The "ABLE" account is a relatively new planning tool that affords an individual with disabilities a tax-free savings option (similar to a 529 College Savings Plan) that does not interfere with the individual's eligibility for means-tested government benefits, such as Supplemental Security Income (SSI) and Medicaid. Understanding the key features of an ABLE account is necessary for making an educated decision about when and how to use this new tool.
Who Qualifies for an ABLE Account?
The ABLE Act limits eligibility for an ABLE account to an individual whose disability onset occurred prior to the age of 26. This can be established in either of two ways. The first is to show that the person with a disability was receiving SSI and/or Social Security Disability Income (SSDI) prior to age 26. If this was not the case, then a doctor's letter of certification will suffice. The letter should recite that the individual in fact met the age 26 disability onset requirement and satisfies Social Security's criteria regarding significant functional limitations stemming from the disabling condition.
How Much Can Be Deposited into an ABLE Account?
An individual may have only one ABLE account. Annual contributions to an ABLE account are limited by reference to the amount of the federal annual gift tax exclusion ($14,000 for 2017). The $14,000 annual limit is not per contributor, but applies to aggregate contributions from all donors during the year. For example, if one person deposits $10,000 into an ABLE account, all subsequent contributors during the year are limited to aggregate deposits of no more than $4,000.
If the balance in an ABLE account exceeds $100,000, any amount above that value counts towards the individual's $2,000 resource limit for SSI and Medicaid eligibility, and causes the individual's SSI payments to be suspended until the account balance decreases to less than $100,000. If all other eligibility rules are followed, the individual's SSI payments will resume when the account balance drops below $100,000 without the need to reapply for SSI. During the SSI suspension period, the individual's SSI-linked eligibility for Medicaid continues uninterrupted.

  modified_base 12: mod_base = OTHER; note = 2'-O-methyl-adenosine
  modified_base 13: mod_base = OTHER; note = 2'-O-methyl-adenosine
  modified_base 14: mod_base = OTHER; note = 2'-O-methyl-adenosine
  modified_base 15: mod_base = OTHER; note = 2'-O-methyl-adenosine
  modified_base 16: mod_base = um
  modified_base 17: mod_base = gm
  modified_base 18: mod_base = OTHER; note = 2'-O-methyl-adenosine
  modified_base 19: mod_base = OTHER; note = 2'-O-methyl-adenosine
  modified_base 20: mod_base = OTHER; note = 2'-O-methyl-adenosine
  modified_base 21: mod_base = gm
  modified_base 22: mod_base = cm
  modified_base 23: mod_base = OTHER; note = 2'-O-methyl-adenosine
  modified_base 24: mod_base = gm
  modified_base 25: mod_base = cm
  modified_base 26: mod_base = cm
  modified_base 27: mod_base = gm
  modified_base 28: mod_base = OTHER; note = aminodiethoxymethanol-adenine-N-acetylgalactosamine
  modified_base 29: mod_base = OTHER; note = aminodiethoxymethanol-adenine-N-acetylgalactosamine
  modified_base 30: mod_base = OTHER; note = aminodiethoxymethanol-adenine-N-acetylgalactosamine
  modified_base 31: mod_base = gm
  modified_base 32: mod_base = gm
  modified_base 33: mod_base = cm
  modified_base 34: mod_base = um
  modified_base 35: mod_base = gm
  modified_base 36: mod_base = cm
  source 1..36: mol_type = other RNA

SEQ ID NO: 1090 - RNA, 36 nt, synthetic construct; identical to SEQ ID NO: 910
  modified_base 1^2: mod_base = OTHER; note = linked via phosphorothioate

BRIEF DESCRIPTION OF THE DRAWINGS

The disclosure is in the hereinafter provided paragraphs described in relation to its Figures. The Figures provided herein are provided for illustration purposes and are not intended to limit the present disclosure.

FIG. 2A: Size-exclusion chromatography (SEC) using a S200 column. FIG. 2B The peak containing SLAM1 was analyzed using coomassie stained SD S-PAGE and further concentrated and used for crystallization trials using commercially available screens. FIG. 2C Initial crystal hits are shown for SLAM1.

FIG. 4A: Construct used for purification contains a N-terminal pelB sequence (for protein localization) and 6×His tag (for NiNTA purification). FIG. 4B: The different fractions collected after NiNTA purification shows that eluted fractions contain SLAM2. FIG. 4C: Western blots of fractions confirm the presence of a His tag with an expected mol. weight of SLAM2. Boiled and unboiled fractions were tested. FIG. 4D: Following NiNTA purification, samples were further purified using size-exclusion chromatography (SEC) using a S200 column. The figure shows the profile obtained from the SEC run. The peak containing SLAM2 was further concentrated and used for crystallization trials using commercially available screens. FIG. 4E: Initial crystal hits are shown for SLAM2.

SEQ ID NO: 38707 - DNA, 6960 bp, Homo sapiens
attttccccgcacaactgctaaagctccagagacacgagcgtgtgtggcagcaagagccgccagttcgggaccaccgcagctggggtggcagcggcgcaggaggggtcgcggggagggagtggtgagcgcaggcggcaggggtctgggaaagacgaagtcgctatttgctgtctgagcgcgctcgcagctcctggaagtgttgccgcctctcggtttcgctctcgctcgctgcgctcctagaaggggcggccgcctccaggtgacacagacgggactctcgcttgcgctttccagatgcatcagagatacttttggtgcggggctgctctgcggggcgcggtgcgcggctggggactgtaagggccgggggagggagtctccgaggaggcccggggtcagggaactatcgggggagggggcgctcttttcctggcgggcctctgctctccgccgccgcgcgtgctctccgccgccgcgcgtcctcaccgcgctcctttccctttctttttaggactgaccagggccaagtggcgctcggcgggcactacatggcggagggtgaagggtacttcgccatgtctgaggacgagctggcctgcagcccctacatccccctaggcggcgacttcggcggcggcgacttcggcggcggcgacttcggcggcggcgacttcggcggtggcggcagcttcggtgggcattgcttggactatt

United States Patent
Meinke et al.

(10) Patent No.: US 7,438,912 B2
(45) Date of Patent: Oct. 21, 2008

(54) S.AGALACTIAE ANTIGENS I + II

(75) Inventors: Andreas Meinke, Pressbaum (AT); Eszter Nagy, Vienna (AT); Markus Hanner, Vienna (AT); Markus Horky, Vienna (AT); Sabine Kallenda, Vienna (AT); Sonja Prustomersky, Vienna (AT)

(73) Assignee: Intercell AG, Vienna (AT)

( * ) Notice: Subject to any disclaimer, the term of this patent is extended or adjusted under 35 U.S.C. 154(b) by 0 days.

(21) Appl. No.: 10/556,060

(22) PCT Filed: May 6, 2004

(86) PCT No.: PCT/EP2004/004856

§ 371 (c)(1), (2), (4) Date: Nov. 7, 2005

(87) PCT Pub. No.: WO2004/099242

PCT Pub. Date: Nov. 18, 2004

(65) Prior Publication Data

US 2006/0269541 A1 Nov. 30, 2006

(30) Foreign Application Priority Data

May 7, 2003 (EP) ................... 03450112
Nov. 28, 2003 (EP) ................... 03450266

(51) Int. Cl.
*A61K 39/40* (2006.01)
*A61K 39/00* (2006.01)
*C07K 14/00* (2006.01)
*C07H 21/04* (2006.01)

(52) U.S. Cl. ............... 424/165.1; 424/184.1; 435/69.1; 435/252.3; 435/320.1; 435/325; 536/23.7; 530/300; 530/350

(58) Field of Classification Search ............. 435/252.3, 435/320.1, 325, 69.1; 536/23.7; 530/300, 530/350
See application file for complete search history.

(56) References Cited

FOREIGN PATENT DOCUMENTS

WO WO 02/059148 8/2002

Total lifetime contributions to an ABLE account are limited by reference to each state's limit on total aggregate contributions to a 529 College Savings Plan maintained under the state's 529 Plan program. State limits vary from approximately $250,000 to $450,000. In light of the annual contribution limit of $14,000, these lifetime limits would not be reached for decades, even if no disbursements are made from the ABLE account during the accumulation period.
Who Can Establish and Manage an ABLE Account?
The law and regulations consider that the beneficiary of an ABLE account is the owner of the account and will control the management of the account. If, however, the beneficiary lacks the capacity to create or manage the ABLE account, it can be established and/or managed by the beneficiary's agent under a power of attorney, parent(s), or conservator (also referred to as a guardian in many states). If the beneficiary initially has capacity to establish the ABLE account, it is also advisable for the beneficiary to execute a power of attorney designating a third party to manage the account if the beneficiary is subsequently unable to do so. If the beneficiary lacks the capacity to establish or manage the account, and there is no power of attorney that authorizes a third party to create and manage the account for the beneficiary, a parent may undertake these tasks. If a parent does assume the role of manager of the account, the beneficiary's family should lay the ground work for the appointment of a conservator if the parent subsequently becomes incapacitated or dies.
What Can an ABLE Account Be Used For?
An ABLE account may pay for the beneficiary's "qualified disability expenses" (QDEs), to maintain or improve the health, independence, or qualify of life of the beneficiary. QDEs include basic living expenses, education, housing, transportation, employment training and support, assistive technology, personal support services, health care expenses, financial management and administrative services. More categories may be added by further regulations. If withdrawals are made for expenditures other than QDEs, the earnings portion of the withdrawal would be subject to regular income tax and a 10% penalty. In those states that have adopted special state income tax benefits, improper withdrawals might also incur additional state tax penalties.
ABLE Accounts and Housing Expenses of SSI Recipients